Thursday, August 1, 2013

sketch like a four year old

palm sketch

 I am a bit insecure about my drawing ability. I've never had a class in drawing, can't wade through the book Drawing on the Right Side of the Brain and keep quiet in conversations about sketchbooks.
Recently someone mentioned the value of drawing for yourself is in the really looking at something. Not long enough for a picture, but long enough to really see it.
I got out one of the meeelion sketchbooks I own, and my watercolor pencils and started to draw what I saw. What I saw is the palm tree on the deck off the porch.
flower pot sketch
Then I looked at the pot holding impatiens and tried it.
I doubt either plant has all these colors in them in real life but you know, reality is over rated when it comes to art. This is how I saw them.

They won't be in an exhibit at the National Gallery of Art but they are ok, and kind of a surprise for me. I didn't expect to like them at all, being very critical of myself. I didn't expect them to look like a real item.
I actually like the colors in the palm.
Growth happens


  1. These are so fun! The palm (is that the one with the big leaves?) would make and awesome art quilt with exactly those colors. Very well done!!
    And since you have taken the plunge, I may do the same, as your pics are inspiring. I have watercolor pencils I've never used--perhaps I'll pull them out and start sketching.
    But don't hold your breath....
    --Toni in Milwaukee

  2. Way to go! I'm glad you put it on paper and that you had the nerve to show us. "Just do it" should be on signs all over our houses to encourage us to really see and then record it (pencil, crayon, colored pencil, paint--anything). Now I need to go and do the same instead of sewing those strips I'm having so much fun with.
    Martha Ginn

  3. Very well done LeeAnna. You should definitely be proud of yourself for taking the plunge and sticking with it - let alone having the courage to share! They are lovely sketches.

    What I like to tell my students is that when we are going about our daily lives we take in enough visual information so we can navigate our lives, but no where near enough information to draw from. That's why we say that drawing is about seeing. We need to actually see all the visual information an object (or landscape) has to offer us so we can duplicate it on paper, canvas etc.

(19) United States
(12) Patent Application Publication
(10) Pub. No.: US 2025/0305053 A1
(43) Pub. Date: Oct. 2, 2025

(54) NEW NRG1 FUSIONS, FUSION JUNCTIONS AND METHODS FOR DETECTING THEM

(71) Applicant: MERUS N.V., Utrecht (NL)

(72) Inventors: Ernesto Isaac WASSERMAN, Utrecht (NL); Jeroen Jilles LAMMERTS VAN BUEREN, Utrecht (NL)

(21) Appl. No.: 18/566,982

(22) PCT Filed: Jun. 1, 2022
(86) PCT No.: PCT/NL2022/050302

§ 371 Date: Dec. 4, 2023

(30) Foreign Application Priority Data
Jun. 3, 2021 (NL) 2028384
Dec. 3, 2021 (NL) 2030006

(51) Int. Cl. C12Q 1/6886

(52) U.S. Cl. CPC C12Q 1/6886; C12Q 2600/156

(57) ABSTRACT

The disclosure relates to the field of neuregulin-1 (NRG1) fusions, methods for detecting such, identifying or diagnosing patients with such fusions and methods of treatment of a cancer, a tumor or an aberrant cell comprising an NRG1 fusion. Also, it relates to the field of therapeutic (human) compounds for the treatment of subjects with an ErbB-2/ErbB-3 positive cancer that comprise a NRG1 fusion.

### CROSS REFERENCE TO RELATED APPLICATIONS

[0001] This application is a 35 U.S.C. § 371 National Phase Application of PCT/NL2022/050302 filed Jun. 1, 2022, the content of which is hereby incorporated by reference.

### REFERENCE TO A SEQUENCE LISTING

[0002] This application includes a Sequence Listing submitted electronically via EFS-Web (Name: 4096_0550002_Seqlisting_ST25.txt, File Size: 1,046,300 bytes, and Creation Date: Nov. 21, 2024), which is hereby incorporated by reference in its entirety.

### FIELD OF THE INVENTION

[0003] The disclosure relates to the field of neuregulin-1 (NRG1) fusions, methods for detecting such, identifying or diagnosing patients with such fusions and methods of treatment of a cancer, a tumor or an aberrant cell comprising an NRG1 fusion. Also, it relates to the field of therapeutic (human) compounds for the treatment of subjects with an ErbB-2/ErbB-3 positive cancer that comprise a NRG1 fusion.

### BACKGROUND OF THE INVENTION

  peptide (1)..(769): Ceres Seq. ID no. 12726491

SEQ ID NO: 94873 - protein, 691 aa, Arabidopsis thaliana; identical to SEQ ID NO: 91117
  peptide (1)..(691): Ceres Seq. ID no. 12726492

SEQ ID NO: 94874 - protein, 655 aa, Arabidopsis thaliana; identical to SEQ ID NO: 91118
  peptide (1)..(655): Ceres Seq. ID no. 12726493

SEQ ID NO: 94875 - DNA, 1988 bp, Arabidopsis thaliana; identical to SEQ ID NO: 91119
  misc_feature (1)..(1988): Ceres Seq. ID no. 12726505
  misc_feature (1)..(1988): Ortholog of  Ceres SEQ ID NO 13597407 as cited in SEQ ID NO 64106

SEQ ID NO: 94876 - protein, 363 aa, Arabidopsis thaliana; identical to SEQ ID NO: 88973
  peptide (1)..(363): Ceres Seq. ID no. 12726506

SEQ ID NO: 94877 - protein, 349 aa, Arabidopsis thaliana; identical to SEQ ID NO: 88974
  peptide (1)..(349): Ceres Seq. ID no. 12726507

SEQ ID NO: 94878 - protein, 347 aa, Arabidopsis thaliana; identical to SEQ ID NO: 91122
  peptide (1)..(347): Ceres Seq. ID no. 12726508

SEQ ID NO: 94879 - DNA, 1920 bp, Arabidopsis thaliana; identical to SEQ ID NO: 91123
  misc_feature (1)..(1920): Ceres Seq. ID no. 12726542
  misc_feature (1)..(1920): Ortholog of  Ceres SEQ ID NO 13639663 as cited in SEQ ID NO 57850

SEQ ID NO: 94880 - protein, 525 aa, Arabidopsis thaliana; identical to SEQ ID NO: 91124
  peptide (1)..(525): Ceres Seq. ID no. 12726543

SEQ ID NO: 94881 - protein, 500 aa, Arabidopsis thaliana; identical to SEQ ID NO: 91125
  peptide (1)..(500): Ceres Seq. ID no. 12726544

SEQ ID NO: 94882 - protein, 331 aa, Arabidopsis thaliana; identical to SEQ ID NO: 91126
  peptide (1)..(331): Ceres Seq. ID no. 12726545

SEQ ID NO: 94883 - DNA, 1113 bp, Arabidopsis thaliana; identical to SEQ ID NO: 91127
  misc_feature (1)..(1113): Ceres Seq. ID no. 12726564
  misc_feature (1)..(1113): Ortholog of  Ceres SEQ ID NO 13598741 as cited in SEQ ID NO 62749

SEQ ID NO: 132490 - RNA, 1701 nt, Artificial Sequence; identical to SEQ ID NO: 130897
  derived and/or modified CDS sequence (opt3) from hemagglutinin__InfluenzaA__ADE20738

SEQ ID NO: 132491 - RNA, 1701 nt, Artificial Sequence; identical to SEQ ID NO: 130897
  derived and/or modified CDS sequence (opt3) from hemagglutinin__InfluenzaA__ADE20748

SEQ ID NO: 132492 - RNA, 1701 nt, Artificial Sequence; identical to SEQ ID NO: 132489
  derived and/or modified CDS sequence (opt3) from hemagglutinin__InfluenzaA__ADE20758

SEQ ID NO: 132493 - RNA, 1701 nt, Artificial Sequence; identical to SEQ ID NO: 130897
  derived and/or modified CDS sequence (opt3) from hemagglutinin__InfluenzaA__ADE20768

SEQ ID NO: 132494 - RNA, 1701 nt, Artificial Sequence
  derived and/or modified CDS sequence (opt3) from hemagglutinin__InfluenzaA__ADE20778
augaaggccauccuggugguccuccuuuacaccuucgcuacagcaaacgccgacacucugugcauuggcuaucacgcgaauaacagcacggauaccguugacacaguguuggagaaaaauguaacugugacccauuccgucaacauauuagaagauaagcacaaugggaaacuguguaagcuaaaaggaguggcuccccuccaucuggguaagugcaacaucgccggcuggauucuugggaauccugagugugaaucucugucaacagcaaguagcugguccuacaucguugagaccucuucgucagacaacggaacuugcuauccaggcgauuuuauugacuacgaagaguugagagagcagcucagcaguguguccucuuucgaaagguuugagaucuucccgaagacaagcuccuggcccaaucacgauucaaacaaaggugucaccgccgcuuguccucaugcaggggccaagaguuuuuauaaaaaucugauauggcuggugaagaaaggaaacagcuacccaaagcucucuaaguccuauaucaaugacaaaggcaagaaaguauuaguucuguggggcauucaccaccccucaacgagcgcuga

It is really true that anyone can learn to draw. I might also add that your own personal drawing style will come when you begin to see what information you actually don't want to put in your drawing!

    Keep drawing and having fun. You are on to something wonderful!

  4. Oh you all made my day!! Thanks for the encouragement. I will keep drawing, and the idea that I'll learn what not to include is terrific. It will lead to real art, interpreting what I see.
    Oooh, maybe it's a new world out there again. New each day.

  5. LeeAnna,I am so impressed with your sketches. They are definitely better than anything I could do. I have been sketching faces for about two years now. When I first started sketching faces, they were pretty pitaful. I dated each drawing and doodle. I would draw for a couple of days, and then not for a few months. I love looking back at what I have done, and how far I have come. Practice is indeed good and I have definitely improved from when I started. Maggie

  6. Thanks Maggie, I am dating them so hopefully I'll see progress!
    I am already looking at things differently, and i get what Cheryl said about learning what not to draw. I hope I'll develop a style and stop seeing them as child like just because I did them.

  7. your drawings will get better as you keep up the practice. the first one is a very good Ti plant to my eye!
    and art is about really seeing what is in front of an artist you go deep beyond looking to Seeing!

    1. oh sonja, that was like poetry. I will keep sketching, and the ones today really looked immature, but they were what i saw so that's what I drew.